Finally, it’s important for you to know that the effects of “bad prostaglandins” can also be moderated in part by diet and supplements. As we’ve discussed in prior articles and interviews with Dian Shepperson Mills, reducing animal fats, caffeine, and alcohol, and adding flax oil, fish oil, and olive oil to your diet can increase the production of “good prostaglandins” and decrease the production of “bad prostaglandins.” If you cannot take NSAIDs (or choose not to), dietary changes may be a good option to try.
- Nonsteroidal anti-inflammatory drugs for heavy menstrual bleeding. Cochrane Database Syst Rev 2000;(2):CD000400, ISSN: 1469-493X, Lethaby A; Augood C; Duckitt K; Department of Obstetrics and Gynaecology, University of Auckland, Auckland, New Zealand
- Medical management of dysfunctional uterine bleeding, Baillieres Best Pract Res Clin Obstet Gynaecol 1999 Jun;13(2):189-202, ISSN: 1521-6934, Irvine GA; Cameron IT Ayshire Central Hospital, Irvine, UK
ORILISSA® (elagolix) to Manage Moderate to Severe Endometriosis Pain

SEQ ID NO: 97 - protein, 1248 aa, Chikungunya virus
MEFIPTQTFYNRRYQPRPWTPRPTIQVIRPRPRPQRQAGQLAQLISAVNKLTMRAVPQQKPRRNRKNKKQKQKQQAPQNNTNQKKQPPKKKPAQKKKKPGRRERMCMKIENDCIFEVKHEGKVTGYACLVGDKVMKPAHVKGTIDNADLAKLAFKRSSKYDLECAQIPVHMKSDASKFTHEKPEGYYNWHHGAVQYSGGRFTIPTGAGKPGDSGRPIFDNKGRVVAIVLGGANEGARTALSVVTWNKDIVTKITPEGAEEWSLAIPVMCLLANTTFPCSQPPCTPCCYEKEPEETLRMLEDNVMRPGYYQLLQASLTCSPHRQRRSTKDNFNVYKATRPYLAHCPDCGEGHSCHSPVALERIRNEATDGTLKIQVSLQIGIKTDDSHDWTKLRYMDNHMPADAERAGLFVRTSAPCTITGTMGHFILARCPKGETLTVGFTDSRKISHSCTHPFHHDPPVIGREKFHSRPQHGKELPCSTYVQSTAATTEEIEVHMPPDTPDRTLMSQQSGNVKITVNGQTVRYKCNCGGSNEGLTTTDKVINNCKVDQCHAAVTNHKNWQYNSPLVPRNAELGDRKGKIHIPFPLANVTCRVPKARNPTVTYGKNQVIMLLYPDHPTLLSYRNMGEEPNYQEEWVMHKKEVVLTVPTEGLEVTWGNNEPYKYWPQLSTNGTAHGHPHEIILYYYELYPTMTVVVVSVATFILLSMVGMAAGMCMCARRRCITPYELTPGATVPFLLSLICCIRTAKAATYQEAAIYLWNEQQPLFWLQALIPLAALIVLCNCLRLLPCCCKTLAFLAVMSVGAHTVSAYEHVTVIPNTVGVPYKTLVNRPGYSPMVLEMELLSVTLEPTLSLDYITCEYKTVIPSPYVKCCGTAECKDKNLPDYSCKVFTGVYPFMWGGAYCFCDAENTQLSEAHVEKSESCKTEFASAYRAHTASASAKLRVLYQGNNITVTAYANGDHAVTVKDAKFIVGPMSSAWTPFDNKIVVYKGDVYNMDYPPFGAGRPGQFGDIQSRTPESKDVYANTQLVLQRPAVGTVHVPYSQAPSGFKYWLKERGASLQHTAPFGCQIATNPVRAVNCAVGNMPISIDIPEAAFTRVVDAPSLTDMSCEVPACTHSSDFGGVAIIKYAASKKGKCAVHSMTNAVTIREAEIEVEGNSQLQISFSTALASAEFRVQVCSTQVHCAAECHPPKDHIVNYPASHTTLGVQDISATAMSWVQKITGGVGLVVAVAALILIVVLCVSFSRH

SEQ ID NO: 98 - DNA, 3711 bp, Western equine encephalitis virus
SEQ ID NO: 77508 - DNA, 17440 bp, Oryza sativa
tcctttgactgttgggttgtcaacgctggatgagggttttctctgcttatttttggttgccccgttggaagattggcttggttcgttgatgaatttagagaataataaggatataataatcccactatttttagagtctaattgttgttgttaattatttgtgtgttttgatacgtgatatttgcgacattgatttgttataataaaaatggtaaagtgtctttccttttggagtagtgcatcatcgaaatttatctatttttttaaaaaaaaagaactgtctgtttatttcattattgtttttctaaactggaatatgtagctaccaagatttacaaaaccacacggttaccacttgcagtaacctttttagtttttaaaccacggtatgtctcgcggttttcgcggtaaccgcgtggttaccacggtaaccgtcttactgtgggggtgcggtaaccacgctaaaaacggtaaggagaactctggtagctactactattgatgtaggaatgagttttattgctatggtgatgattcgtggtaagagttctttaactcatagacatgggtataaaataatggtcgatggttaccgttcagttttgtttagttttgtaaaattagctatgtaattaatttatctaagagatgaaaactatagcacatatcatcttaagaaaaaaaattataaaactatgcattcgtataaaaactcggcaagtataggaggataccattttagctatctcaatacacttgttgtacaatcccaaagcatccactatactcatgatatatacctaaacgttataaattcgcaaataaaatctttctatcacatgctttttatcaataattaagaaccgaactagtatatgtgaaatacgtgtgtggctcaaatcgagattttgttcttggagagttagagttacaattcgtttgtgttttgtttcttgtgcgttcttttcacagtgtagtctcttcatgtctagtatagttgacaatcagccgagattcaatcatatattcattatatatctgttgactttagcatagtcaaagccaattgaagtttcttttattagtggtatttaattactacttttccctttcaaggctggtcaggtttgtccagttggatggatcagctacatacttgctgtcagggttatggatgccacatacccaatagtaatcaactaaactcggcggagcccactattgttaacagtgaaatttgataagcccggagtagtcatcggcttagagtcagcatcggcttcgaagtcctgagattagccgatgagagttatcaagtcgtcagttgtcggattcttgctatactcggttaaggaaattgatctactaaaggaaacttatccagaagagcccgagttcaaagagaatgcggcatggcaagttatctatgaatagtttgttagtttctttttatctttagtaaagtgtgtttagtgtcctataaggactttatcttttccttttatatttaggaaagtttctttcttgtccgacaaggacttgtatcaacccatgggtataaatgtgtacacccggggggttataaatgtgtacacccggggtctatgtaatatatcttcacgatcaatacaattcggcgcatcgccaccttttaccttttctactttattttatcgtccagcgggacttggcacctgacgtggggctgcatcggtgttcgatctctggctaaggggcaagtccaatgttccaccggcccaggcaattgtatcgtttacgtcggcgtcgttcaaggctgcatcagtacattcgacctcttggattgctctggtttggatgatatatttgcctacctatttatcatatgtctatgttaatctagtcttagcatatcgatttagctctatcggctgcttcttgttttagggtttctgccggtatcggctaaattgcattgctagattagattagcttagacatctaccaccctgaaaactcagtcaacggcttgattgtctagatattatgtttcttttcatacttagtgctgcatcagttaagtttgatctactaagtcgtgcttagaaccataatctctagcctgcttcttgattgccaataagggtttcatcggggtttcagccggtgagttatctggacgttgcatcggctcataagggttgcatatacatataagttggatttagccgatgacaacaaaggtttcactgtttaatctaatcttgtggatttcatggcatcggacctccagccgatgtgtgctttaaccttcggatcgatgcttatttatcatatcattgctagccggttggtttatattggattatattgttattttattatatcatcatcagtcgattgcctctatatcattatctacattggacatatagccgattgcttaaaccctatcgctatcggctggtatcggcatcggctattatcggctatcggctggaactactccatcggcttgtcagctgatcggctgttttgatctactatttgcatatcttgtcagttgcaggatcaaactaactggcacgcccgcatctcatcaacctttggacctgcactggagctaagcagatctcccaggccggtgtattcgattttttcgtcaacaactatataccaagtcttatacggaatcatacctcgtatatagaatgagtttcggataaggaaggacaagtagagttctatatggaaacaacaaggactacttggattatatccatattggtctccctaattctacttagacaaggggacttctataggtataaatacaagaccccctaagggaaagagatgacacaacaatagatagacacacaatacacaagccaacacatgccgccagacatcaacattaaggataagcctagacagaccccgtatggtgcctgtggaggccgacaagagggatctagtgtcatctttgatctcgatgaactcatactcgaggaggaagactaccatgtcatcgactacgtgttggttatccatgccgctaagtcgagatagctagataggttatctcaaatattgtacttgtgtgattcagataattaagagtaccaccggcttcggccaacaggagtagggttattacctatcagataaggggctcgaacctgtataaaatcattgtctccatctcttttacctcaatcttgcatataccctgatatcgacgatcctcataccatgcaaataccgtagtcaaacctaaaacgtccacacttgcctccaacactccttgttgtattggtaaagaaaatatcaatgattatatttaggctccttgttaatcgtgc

IMPORTANT SAFETY INFORMATION
What is the most important information I should know about ORILISSA?
ORILISSA may cause serious side effects, including bone loss and effects on pregnancy:
- Bone Loss (decreased Bone Mineral Density [BMD])
While you are taking ORILISSA, your estrogen levels will be low. This can lead to BMD loss. If you have bone loss on ORILISSA, your BMD may improve after stopping ORILISSA, but may not recover completely. It is unknown if these bone changes could increase your risk for broken bones as you age. For this reason, your healthcare provider (HCP) may limit the length of time you take ORILISSA. Your HCP may order a DXA scan to check your BMD.
- Effects on Pregnancy